Janice Dickinson on Bill Cosby: ‘The Rape Is Etched Into My Soul’
Janice Dickinson spoke of how she continues to grapple with the trauma of allegedly being raped by Bill Cosby after the disgraced comedian was sentenced to three to 10 years in state prison for drugging and sexually assaulting a woman in 2004.
“The harrowing memory of the rape continues to this day,” Dickinson said in a statement. “I have reoccurring nightmares, I wake up in fear, I fear the dark. I struggle to discuss this even with my beloved husband of six years.”
Dickinson’s attorney, Lisa Bloom, shared her client’s statement on Twitter, noting that Dickinson “was prepared to read [it] in court this week, had the judge allowed it.” According to Dickinson, Cosby drugged and raped her in a Lake Tahoe, California hotel room in 1982. She was one of several alleged victims to provide testimony during Cosby’s recent trial, which was centered around charges brought by Andrea Constand. In April, Cosby was found guilty on three counts of indecent aggravated assault against Constand.
Sexually violent predator Bill Cosby sentenced to 3-10 years.
Justice, just a little.
Here is part of the statement my brave, beautiful client Janice Dickinson was prepared to read in court this week, had the judge allowed it. pic.twitter.com/MMPI5e5zEc
— Lisa Bloom (@LisaBloom) September 25, 2018
“The rape shattered my ability to trust,” Dickinson continued. “It made me extremely wary of becoming an actress. It affected my work. It affected my lifestyle. I lost a lot of spunk. I lost some of my effervescent attitude and lightness, qualities required of a model. I became less motivated to meet new people, a huge component of my daily work as a model. You don’t move away from the jobs – you run towards the work. My work suffered.”
Dickinson recalled how she even moved to Milan, Italy in an attempt to escape any mention of Cosby, but that failed to alleviate her pain. “The rape is etched into my soul,” she said. “Therapy has helped some but it has not helped to restore my innocence. I was never the same. I will never be the same.”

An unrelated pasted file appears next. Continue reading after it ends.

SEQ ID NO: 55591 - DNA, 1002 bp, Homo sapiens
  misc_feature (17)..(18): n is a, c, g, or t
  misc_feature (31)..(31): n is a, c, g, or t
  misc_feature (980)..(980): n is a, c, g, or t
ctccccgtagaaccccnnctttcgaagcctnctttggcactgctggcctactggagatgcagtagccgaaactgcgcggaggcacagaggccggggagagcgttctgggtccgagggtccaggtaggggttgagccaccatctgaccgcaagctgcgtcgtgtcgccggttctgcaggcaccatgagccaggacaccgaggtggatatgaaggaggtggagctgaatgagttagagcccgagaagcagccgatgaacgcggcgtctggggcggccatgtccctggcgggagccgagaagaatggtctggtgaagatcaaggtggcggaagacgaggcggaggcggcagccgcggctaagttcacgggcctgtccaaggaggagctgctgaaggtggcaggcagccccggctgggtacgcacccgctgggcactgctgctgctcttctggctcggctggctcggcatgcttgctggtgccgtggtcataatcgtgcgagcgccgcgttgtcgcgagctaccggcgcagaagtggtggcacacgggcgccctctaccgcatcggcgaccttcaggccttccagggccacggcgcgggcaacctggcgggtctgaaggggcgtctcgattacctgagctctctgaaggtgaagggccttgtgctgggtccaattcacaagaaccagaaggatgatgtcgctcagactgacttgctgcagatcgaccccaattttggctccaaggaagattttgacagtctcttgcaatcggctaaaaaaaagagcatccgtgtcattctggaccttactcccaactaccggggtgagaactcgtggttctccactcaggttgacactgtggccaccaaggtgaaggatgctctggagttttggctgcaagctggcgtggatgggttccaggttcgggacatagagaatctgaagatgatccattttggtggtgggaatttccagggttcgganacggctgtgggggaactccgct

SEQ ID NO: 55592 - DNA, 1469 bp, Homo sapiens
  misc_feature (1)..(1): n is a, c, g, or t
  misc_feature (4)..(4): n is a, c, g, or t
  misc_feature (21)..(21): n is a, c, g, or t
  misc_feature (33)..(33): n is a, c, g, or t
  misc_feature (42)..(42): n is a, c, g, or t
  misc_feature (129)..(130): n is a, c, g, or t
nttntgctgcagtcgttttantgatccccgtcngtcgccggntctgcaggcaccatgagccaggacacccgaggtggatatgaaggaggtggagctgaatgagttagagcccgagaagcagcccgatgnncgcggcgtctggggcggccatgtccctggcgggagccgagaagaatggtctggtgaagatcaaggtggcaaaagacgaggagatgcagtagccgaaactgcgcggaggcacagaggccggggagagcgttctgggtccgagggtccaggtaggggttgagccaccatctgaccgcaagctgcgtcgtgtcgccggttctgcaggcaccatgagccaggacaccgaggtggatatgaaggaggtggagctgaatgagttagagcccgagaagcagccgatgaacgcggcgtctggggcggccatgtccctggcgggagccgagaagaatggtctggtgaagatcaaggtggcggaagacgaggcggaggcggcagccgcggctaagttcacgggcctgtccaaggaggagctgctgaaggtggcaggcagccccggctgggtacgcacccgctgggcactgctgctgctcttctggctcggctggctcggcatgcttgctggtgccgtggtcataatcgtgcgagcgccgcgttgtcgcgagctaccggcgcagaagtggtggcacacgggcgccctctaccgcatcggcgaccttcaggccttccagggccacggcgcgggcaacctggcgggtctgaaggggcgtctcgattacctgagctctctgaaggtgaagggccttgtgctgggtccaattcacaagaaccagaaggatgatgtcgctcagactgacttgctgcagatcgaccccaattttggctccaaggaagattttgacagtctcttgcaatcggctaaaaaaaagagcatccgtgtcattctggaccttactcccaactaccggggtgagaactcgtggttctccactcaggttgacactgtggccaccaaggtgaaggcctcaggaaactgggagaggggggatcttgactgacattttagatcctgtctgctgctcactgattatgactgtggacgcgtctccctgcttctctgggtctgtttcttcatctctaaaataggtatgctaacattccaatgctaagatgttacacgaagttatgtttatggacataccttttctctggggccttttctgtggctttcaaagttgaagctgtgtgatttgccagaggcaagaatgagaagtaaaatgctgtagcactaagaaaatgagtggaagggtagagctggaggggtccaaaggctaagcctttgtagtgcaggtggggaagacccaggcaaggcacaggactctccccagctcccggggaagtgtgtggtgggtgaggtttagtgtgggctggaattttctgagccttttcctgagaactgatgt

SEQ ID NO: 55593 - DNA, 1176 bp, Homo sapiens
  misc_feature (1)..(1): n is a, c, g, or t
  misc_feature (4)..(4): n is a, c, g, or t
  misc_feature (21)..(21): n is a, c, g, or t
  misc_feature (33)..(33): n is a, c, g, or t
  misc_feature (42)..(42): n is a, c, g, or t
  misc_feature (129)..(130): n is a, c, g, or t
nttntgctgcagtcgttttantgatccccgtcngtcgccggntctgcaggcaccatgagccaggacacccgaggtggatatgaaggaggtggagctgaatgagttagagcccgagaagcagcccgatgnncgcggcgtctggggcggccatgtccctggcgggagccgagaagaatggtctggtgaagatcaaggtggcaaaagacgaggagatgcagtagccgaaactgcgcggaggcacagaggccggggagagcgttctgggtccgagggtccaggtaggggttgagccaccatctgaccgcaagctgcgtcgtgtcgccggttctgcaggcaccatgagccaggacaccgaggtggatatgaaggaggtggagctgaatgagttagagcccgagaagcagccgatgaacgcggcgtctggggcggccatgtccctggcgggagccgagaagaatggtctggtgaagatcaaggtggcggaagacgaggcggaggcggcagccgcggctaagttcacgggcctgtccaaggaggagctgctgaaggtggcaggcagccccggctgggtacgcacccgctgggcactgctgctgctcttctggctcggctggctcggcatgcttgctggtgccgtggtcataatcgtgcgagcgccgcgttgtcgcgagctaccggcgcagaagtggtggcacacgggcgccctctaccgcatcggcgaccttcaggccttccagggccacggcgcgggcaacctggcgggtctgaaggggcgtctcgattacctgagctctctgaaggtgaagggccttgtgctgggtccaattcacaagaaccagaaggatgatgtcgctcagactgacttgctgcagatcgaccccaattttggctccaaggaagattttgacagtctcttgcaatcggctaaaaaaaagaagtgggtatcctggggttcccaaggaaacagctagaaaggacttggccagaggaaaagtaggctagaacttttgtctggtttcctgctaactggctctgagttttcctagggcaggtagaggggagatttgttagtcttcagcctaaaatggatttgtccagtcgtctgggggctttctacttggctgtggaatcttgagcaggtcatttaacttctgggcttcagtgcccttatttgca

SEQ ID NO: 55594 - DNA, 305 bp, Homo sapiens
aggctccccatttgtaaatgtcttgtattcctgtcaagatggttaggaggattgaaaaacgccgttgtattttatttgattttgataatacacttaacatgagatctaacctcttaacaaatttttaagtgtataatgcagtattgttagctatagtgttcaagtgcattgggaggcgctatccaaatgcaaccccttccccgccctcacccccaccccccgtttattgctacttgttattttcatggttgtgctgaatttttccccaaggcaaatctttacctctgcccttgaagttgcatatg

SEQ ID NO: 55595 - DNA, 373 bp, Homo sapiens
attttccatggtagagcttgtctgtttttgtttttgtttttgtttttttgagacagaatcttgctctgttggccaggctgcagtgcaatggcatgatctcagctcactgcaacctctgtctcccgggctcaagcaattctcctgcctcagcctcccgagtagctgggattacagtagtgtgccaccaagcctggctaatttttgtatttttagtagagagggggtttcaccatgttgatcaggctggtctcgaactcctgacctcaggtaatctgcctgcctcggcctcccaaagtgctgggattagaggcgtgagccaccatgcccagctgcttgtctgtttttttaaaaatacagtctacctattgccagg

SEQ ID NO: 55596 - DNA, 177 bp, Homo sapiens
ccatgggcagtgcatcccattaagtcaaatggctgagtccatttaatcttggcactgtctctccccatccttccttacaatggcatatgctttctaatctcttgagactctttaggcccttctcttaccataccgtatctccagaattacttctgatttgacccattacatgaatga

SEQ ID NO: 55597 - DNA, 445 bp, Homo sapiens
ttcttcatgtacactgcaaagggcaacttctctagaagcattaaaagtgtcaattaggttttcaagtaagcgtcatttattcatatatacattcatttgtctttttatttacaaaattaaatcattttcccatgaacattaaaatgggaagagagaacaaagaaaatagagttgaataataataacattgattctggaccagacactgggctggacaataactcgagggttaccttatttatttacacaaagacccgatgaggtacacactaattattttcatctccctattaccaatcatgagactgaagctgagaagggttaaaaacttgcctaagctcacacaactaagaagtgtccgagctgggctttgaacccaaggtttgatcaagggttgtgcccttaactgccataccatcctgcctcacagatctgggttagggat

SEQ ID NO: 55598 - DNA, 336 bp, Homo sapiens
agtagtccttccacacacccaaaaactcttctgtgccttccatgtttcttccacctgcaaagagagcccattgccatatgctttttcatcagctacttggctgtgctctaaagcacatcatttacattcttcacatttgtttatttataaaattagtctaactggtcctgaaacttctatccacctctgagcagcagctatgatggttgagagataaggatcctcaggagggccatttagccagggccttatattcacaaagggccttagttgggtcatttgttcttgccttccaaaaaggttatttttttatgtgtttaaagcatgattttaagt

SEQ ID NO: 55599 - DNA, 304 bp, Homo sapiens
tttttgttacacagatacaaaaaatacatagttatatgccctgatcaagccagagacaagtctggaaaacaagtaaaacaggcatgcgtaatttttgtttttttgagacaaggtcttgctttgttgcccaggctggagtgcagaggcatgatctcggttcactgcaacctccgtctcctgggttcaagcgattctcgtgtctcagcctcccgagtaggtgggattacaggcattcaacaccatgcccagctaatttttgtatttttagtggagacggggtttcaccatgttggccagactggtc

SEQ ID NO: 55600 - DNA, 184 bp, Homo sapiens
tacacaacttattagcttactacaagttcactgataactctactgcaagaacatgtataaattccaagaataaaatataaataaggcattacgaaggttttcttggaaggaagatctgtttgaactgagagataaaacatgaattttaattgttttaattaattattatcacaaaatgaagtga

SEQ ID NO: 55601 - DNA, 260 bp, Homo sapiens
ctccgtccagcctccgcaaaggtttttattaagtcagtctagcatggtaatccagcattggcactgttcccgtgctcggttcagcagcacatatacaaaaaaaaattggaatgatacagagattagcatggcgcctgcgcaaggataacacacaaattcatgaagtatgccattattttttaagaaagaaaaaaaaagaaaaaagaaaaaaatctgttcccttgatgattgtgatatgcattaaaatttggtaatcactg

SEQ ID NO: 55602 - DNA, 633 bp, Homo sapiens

Gloria Allred, who represents several other women who have accused Cosby of sexual assault, also spoke outside the courtroom after the sentencing hearing Tuesday, according to The New York Times. She said she was “glad that judgement day has finally come for Mr. Cosby,” and called the Constand case – which comprised two trials after the first ended in a mistrial – “a long journey to justice for all of the accusers.”
Allred continued, “Mr. Cosby has shown no remorse, and there has been no justice for many of the accusers who were barred from a court by the arbitrary time limits imposed by the statute of limitations. But many of them were brave enough to speak to law enforcement and some of them were chosen to speak as prior bad act witnesses. So we are very proud those who cooperated with law enforcement and did what [they] could do to have a just result.”
Allred also shared an official statement with Rolling Stone, in which she said: “I am very happy that Mr. Cosby has been classified as a sexually violent predator and that he was sentenced to prison… It is a great day for victims and I am very proud of all of my clients who had the courage to testify as prior bad act witnesses. They were very important in achieving this result. No person is above the law. Bill Cosby learned that lesson the hard way today.”
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